By proving that we've got batshit crazy folks holding our economy hostage, especially to avoid taxing wealthy folks, we may have hit the tipping point in whether or not people are willing to ride this bad economy out with us to the "not so much" side of the equation. But lacking better options, they buy gold and hope someone grows up and starts talking sense. We can argue all day about what wealthy is or isn't, but for me it's someone who has a steady income that is substantially more than they need, and enough to get through several minor and a few major disasters. If you're one car accident or bad cold away from financial ruin, you're not wealthy. And given the lack of health care coverage, even for many "covered" folks, more of us are in that situation than not so probably some people reading this are thinking "I would really rather not pay more taxes right now" and I'm thinking you're not who I'd be taxing.

As I understand it, most known civilizations fall when they've either consumed all their protective resources (trees on Easter Island and Haiti) or the rich get so rich that they no longer give a damn what the peasants think. The strongest civilizations have a middle class that is educated and economically well off (although everyone can't be "wealthy") and enough resources to care for the truly poor and unfortunate. What I didn't even really ponder much until recently is that with the size and relatively recent mining of resources, the US isn't "great" just because we're "free". It's because we have so many natural resources that we haven't destroyed all our options yet and had to pare back. Surely the democracy thing isn't nothing, but we can't keep treating mining the country and expecting more to be around the next corner. Mining isn't like harvesting. Some stuff won't grow back.

And this ramble has gone a bit off topic because I'm out of practice with blogging coherently. At any rate, I look at the gold price and I'm pretty afraid of what it says. The only thing that keeps that fear in check is that we're too big to fail right now. That and burying my head in romance novels. Which is where my head is going right now. Feel free to school me in the comments. To quote a favored blogger, Ta-Nahisi Coates, talk to me like I'm stupid.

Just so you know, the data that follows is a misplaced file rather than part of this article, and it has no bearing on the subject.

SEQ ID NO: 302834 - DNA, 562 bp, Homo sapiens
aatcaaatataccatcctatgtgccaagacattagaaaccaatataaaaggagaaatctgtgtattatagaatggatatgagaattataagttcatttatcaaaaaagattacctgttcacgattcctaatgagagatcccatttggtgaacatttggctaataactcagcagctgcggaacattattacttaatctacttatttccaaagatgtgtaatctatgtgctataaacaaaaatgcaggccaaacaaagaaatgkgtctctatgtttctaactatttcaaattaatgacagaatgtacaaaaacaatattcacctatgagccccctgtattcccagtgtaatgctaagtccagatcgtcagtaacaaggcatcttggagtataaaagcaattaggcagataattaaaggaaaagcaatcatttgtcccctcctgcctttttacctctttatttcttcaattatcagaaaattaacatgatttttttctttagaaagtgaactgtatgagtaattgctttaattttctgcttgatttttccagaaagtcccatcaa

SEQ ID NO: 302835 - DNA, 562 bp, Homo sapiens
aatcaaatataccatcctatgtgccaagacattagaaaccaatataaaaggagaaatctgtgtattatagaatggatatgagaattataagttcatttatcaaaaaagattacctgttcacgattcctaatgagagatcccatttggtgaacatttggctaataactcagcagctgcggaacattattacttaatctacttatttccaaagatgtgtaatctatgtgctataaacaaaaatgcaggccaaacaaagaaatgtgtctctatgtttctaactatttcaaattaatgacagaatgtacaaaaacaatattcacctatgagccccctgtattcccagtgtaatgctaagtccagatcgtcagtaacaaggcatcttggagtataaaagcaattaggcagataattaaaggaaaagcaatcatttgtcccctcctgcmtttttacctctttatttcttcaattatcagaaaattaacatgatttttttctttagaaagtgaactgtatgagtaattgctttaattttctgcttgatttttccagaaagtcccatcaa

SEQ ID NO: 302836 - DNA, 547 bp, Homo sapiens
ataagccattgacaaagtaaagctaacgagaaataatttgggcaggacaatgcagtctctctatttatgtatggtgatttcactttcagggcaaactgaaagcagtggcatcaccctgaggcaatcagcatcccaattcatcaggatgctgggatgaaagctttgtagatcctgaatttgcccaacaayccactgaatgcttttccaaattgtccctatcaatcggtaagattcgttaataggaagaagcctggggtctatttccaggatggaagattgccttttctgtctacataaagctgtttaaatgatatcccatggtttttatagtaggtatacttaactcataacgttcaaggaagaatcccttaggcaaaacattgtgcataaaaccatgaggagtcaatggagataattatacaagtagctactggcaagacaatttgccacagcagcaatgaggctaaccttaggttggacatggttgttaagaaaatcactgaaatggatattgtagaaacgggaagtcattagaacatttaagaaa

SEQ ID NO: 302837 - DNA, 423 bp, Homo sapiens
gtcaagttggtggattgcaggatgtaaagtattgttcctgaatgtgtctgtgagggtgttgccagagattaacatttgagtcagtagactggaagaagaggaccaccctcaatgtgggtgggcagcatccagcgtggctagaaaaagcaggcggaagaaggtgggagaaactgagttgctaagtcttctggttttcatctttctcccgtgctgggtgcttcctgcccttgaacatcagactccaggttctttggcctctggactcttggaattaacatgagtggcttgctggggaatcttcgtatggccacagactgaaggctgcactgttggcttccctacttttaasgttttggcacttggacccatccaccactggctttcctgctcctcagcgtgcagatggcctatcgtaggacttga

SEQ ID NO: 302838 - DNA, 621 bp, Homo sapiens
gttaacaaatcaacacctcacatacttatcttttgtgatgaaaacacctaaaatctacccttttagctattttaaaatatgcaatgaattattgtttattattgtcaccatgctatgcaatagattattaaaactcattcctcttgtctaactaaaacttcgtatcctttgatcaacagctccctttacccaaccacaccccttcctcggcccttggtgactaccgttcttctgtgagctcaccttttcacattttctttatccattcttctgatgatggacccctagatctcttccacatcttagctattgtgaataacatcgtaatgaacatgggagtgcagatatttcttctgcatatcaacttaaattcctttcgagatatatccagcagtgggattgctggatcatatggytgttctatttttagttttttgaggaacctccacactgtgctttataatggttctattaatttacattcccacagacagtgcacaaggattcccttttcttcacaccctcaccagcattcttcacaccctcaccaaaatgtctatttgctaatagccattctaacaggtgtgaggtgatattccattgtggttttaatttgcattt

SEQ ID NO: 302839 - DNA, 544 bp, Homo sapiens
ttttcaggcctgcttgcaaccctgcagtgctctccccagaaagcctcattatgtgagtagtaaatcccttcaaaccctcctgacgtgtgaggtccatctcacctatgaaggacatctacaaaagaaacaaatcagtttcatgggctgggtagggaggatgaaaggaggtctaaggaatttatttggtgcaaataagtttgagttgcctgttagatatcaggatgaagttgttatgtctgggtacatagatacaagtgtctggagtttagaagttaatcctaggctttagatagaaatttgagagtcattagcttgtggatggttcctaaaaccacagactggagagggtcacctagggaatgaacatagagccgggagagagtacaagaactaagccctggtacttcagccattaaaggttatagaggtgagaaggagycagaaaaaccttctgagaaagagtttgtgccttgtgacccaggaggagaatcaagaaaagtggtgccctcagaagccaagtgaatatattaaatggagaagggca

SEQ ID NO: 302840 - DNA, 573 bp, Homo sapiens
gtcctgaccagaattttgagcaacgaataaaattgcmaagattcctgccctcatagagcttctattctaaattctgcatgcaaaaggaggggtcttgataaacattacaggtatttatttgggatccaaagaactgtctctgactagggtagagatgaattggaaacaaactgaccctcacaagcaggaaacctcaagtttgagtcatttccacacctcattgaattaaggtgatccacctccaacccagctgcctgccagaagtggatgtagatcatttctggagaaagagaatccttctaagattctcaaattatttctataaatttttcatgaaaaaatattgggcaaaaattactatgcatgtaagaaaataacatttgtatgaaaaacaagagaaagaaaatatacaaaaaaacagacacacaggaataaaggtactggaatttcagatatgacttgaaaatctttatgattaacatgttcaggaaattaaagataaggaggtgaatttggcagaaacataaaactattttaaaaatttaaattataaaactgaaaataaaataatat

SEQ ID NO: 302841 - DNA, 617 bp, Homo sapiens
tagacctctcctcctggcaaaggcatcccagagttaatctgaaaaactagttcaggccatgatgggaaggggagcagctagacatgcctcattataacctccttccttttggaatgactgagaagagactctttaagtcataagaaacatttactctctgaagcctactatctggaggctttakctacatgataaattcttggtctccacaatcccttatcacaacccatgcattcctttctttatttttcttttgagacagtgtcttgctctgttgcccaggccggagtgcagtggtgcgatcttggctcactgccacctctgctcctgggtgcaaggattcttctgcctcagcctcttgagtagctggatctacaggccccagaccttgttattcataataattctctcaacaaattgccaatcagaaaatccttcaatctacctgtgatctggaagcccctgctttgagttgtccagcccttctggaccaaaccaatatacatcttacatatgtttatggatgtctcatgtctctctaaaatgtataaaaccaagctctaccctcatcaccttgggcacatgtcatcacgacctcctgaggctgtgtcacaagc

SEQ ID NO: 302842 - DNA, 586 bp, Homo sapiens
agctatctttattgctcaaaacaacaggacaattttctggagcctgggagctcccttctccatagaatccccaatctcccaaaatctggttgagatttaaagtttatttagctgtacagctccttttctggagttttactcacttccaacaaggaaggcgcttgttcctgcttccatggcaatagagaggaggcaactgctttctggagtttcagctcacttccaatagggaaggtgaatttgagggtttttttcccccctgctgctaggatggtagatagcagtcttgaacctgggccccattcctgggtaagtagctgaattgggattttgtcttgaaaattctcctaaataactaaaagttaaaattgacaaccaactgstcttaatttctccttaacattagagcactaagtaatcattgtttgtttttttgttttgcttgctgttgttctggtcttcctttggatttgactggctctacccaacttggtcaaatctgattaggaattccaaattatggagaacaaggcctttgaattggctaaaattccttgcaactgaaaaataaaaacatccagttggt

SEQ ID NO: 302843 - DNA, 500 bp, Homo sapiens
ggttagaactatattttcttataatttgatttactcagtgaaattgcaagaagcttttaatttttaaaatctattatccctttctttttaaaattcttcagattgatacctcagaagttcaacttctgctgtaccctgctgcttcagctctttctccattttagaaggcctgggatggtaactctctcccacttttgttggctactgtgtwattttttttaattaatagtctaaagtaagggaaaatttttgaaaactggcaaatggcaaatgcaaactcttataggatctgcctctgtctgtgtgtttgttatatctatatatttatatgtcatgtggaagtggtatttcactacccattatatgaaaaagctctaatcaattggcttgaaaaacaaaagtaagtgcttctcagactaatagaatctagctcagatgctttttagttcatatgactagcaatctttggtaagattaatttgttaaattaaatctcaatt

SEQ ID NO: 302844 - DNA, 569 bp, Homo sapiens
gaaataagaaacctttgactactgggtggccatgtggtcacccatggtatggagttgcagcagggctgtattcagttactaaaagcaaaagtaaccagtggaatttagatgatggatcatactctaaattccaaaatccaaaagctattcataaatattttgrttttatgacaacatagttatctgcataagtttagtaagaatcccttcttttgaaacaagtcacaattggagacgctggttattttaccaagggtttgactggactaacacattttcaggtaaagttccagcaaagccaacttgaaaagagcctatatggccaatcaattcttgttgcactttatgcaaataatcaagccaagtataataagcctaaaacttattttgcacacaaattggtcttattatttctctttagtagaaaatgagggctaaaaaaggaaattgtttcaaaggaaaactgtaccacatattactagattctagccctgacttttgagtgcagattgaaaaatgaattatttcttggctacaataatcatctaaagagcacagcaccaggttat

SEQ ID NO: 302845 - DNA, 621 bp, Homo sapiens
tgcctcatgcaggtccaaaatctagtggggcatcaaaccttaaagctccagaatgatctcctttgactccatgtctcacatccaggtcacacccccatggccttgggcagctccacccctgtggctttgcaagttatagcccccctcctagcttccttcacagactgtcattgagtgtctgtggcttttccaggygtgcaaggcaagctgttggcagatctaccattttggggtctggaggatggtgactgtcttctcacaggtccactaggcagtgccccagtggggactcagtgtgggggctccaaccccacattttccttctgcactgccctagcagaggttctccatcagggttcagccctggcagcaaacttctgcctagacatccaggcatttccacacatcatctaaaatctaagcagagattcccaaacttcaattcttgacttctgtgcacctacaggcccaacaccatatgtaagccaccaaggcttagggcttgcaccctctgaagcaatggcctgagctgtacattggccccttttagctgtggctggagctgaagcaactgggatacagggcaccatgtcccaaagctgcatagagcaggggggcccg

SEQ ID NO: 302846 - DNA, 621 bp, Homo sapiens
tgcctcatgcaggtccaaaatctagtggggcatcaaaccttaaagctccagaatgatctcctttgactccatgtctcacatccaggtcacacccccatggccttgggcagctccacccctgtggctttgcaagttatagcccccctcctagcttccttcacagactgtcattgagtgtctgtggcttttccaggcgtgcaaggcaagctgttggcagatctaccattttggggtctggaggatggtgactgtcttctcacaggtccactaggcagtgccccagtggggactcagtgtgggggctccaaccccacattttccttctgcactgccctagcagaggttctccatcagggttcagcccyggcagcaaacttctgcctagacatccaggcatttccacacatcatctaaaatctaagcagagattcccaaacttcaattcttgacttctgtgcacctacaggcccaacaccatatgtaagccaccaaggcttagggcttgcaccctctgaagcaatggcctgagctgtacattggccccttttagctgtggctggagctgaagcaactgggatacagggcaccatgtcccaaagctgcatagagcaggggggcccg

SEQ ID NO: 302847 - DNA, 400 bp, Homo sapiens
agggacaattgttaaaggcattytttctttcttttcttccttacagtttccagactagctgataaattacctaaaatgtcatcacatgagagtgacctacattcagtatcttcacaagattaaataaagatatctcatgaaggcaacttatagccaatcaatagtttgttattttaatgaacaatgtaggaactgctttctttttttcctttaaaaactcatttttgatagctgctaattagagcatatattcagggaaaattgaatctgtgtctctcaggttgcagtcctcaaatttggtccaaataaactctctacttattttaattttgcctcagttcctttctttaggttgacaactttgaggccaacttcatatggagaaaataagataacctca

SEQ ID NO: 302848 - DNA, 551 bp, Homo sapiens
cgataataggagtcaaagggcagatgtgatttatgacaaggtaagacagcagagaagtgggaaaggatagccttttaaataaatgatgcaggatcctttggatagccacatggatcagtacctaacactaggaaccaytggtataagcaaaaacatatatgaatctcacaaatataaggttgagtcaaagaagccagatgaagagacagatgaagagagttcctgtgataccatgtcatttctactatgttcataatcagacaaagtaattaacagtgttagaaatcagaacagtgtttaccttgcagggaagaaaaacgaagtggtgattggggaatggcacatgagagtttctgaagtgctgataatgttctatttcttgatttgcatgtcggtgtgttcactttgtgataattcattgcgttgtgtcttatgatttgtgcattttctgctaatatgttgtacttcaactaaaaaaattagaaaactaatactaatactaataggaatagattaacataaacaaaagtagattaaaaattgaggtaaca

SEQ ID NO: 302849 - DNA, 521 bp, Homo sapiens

[Quote from Shimmer by The Throwing Muses which includes a line about being dressed in shiny gold. I can listen to that song as often as 3 year olds can watch The Lion King video.]

1 comment:

farmwifetwo said...

If you default you can no longer borrow on the open market to sustained your economy.

Argentina is doing this.

Canada from what I understand did this in the 70's and we lost our AAA rating in the early 90's and got it back in the early 2000's.

Then countries and businesses won't trade with you b/c they are uncertain if they are going to be paid. Many Cdn companies have contracts with the US gov't and if you hadn't upped the debt ceiling they would not have been paid.

Plus, sooner or later those monies have to be paid. Which is why they are now worried about France b/c it's given too much to hold the rest of the EU together - I think it's Spain in particular - and now they are looking at a cash shortage.

Part I find scary is the general populations view of debt. They just don't care.